One of the first questions we ask when we begin the design of a new rink is “how many seats do you want in the rink?” Follow up questions include:

  • Is it a “practice” rink?
    Here you need maybe 200 seats for parents, grandparents, etc.
  • Or is it a “game” rink?
    Here you may want 800, 1200, 2000 or more depending on your level of competition. 
Practice-Ice-Rink Game-Ice-Rink

Many times, people want to drive the size of the rink to fit the largest crowd they have each year. “You know when we have that big rivalry game, we could easily seat 1,200 people!”


How to Choose the Right Number of Seats for Your Ice Rink

When I hear that my first response is this: what crowd do you get for 80% of your games? They usually answer with a much smaller number – maybe 750-800. My advice to them at that point is to design to that lower number. There are 4 main reasons I make that recommendation.

  1. You need a bigger site to seat that the larger number of people in your arena. Say you size it for the 1200 instead of the 800 – that is 400 additional seats. A typical rule of thumb is one parking space for every three seats. So, 400 more seats require an additional 133 parking spaces. That is almost an additional acre of parking lot to build and maintain.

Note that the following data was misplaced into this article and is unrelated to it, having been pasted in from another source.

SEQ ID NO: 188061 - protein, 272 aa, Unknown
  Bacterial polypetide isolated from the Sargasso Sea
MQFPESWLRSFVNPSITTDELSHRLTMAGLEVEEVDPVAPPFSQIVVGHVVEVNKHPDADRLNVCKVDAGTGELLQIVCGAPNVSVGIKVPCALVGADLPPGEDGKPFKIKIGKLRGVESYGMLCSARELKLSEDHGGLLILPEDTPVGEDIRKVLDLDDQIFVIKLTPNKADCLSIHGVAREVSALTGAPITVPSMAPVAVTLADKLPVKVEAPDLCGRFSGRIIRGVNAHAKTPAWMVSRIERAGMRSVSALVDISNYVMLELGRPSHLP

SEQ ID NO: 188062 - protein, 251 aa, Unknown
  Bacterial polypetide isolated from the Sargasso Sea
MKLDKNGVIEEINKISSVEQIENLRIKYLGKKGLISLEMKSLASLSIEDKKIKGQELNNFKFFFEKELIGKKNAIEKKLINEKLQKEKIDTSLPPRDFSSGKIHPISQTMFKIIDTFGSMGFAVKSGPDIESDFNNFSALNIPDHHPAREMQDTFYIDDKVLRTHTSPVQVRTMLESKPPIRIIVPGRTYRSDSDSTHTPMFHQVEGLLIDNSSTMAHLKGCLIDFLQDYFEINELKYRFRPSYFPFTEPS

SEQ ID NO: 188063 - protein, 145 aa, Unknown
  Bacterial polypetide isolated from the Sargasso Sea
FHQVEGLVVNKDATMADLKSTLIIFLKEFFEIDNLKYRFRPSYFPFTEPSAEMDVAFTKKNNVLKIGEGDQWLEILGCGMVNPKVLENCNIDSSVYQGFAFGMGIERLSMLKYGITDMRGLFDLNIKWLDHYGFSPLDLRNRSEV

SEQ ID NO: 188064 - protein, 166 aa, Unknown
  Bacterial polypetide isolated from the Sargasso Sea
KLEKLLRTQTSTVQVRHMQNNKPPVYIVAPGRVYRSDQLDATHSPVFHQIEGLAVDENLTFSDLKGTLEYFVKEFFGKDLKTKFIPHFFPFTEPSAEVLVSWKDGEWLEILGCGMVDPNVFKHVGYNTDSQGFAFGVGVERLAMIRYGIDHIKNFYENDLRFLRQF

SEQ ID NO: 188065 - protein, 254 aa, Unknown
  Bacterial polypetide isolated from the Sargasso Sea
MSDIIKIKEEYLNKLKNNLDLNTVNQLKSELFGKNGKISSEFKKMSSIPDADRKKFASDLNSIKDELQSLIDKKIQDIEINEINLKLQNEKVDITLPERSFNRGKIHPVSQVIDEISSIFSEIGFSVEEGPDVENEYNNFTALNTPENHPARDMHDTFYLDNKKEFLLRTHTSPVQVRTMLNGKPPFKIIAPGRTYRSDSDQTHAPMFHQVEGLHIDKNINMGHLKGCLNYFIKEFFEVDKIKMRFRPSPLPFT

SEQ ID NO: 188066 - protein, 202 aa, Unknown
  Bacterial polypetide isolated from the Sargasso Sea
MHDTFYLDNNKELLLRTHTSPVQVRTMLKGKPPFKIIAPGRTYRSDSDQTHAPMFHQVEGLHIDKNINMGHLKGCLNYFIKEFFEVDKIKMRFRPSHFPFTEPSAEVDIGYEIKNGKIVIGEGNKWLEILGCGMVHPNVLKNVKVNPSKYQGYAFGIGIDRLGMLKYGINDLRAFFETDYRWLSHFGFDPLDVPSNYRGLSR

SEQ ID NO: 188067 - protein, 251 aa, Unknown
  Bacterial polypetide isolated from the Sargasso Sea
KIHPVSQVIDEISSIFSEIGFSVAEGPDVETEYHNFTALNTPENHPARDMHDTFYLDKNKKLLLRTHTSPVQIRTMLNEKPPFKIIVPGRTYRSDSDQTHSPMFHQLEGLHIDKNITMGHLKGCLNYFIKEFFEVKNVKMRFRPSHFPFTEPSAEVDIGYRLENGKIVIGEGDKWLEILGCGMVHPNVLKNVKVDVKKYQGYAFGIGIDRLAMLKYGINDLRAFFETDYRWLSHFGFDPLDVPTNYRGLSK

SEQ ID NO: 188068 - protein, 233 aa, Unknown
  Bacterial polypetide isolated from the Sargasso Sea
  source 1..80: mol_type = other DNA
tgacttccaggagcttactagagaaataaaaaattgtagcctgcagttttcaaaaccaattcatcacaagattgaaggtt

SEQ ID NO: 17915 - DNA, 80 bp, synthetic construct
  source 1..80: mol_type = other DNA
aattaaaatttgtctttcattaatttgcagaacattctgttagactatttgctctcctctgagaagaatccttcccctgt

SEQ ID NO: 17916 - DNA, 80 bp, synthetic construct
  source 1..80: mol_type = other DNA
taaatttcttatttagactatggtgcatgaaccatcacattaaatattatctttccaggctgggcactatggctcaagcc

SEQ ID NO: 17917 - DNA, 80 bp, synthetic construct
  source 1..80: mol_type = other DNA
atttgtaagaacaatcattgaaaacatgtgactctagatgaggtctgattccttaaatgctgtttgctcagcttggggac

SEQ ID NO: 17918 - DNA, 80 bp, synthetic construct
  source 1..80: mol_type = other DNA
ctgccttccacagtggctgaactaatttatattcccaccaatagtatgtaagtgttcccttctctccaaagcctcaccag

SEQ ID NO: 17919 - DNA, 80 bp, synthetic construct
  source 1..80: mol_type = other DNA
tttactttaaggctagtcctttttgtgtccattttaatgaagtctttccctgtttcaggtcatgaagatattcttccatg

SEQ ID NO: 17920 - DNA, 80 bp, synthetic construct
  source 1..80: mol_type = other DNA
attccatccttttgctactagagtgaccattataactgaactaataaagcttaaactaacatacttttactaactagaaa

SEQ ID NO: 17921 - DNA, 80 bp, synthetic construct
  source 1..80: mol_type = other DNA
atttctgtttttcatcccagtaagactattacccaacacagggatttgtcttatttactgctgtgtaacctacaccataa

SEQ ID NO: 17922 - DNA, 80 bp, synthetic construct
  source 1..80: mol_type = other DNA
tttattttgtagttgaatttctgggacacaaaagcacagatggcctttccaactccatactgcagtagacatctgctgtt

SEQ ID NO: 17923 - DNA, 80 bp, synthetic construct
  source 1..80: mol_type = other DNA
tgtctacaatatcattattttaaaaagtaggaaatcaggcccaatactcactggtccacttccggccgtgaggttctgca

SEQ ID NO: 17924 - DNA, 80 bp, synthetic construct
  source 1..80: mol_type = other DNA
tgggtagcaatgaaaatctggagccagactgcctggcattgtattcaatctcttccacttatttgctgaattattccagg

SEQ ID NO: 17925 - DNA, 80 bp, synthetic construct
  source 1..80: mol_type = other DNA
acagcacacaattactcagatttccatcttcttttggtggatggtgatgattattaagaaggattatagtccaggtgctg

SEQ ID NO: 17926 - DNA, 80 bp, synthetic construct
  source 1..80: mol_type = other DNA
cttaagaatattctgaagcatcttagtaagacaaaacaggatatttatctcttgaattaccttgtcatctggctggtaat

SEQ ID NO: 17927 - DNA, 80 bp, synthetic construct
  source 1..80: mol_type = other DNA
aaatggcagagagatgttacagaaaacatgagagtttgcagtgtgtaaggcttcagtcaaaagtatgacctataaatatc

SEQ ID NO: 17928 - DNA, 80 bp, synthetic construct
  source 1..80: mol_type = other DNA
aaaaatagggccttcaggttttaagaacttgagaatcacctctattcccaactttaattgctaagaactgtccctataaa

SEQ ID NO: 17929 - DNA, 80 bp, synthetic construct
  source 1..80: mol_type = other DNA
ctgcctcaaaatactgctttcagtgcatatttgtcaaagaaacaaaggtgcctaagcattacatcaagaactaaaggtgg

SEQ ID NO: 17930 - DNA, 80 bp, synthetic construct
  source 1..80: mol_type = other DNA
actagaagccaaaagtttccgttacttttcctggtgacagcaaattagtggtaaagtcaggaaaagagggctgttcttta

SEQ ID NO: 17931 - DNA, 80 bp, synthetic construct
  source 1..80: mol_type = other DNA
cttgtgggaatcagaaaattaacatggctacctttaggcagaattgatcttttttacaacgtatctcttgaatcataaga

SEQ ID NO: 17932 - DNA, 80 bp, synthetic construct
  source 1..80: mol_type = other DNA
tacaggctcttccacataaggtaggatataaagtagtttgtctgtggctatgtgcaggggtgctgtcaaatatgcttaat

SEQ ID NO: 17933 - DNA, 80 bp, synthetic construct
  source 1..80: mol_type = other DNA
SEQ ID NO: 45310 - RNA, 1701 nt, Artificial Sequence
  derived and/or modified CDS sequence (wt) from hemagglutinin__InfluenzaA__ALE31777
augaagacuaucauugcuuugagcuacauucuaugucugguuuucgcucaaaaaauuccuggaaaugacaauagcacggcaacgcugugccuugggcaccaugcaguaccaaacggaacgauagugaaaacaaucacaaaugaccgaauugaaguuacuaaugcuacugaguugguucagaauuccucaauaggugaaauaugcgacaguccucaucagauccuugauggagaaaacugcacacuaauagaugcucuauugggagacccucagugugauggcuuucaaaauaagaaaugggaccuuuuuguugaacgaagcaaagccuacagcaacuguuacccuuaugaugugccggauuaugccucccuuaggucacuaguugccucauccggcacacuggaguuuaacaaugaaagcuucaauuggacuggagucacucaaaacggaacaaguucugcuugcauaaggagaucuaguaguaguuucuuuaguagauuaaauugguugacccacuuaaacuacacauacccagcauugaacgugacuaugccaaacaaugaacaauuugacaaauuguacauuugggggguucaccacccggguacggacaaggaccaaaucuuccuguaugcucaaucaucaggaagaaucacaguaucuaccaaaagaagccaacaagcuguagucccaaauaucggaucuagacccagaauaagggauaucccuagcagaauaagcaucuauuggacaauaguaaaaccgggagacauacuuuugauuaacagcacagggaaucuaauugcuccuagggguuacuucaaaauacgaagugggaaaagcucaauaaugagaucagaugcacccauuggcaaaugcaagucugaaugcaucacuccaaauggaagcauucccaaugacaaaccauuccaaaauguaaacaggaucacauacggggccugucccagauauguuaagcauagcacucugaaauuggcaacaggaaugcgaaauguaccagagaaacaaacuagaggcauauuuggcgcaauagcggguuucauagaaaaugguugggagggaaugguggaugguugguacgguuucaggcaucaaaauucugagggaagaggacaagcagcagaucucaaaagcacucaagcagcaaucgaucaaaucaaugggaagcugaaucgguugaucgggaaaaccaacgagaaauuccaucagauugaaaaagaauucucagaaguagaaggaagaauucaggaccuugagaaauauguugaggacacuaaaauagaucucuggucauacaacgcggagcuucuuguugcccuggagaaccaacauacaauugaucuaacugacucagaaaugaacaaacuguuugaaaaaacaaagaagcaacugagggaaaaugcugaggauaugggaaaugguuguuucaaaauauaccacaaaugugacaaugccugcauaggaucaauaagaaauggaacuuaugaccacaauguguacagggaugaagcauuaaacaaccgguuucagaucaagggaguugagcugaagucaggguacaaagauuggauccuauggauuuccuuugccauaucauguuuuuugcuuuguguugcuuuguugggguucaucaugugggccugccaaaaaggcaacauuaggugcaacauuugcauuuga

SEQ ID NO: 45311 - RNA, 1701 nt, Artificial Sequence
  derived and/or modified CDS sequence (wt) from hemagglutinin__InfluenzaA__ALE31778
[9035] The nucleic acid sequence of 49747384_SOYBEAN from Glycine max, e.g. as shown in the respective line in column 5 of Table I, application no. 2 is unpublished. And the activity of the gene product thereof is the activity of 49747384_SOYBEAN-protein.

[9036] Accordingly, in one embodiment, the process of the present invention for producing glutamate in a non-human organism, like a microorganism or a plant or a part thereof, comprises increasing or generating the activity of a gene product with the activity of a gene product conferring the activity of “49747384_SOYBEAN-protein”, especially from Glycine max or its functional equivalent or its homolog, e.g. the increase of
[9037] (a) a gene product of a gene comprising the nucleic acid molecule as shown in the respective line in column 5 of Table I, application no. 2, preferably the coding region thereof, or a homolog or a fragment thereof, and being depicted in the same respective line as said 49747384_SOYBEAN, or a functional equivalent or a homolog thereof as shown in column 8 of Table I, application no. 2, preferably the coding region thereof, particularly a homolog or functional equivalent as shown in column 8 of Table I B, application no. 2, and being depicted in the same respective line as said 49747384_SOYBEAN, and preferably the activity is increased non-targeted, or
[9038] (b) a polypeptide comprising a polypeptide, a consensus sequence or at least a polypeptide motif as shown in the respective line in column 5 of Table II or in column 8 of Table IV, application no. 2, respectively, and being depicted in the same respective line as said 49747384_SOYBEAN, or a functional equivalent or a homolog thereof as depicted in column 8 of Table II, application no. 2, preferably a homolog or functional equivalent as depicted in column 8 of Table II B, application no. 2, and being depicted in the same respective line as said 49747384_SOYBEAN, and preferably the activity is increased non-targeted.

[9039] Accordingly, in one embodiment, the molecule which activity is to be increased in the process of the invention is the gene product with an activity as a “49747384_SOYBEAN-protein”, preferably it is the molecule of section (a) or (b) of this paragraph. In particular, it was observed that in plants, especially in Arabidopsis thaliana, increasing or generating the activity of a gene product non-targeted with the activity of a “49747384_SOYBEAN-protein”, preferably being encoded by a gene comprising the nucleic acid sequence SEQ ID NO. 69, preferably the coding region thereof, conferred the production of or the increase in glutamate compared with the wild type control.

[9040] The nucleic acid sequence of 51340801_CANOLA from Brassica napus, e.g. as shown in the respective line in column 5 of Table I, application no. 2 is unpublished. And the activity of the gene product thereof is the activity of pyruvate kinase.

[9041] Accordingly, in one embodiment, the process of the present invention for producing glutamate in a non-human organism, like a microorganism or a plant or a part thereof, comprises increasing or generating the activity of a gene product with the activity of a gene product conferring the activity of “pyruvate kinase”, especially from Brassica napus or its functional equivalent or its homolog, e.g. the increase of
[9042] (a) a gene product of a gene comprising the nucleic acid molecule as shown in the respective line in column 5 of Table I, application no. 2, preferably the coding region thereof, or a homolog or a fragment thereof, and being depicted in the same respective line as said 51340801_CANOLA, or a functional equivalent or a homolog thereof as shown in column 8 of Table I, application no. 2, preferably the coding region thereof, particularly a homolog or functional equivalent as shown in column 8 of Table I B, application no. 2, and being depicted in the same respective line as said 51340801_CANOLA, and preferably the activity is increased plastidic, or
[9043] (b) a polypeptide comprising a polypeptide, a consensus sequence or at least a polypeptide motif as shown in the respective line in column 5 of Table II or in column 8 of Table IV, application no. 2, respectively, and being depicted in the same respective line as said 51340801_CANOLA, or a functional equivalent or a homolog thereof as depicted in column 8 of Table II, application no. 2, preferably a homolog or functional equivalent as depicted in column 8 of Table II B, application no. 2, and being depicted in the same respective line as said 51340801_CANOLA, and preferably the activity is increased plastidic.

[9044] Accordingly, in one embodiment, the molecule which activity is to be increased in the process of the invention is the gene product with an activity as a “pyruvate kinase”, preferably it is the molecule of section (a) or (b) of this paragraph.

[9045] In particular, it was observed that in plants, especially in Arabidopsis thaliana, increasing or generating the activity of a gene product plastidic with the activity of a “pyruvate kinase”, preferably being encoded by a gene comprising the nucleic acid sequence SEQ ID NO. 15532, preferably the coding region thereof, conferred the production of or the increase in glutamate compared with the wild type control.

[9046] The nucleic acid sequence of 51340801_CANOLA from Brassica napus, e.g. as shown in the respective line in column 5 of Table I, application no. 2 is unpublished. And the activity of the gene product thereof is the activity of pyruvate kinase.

2. Stating the obvious here: you will need a bigger building to accommodate additional seating. Say, for example, a rink is $250/sf of construction cost – those extra seats could quickly add $1M to your budget. Think about it: you are building the seating level, plus you need to capture the space below it – so you are building on two levels.
  3. This is not a fun one to think about, but I'll say it anyway: you will need more toilets! Building code dictates how many toilets you need based on seating capacity. So, for more seats, you will need more toilets, more sinks, and more space to accommodate those requirements.
  4. I know what you're thinking: but what about the big rivalry game? And here's what I'd say: Part of the fun of a big rivalry game is being crowded into the rink, shoulder to shoulder with fellow fans. That just adds to the atmosphere in the rink! Secondly, when we design your rink, we'll consciously add in standing room space as well. You can fit a ton of people into standing room space, and it gives you the flexibility to accommodate a larger crowd at little to no expense.

So, if you are planning a new rink – think twice about how many seats you really want in your building. Rink buildings are expensive to build and maintain – we recommend you “right size” it from the start.

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Published on March 23, 2021

Topics: Ice Arena Architecture, Rink Design, Recreation

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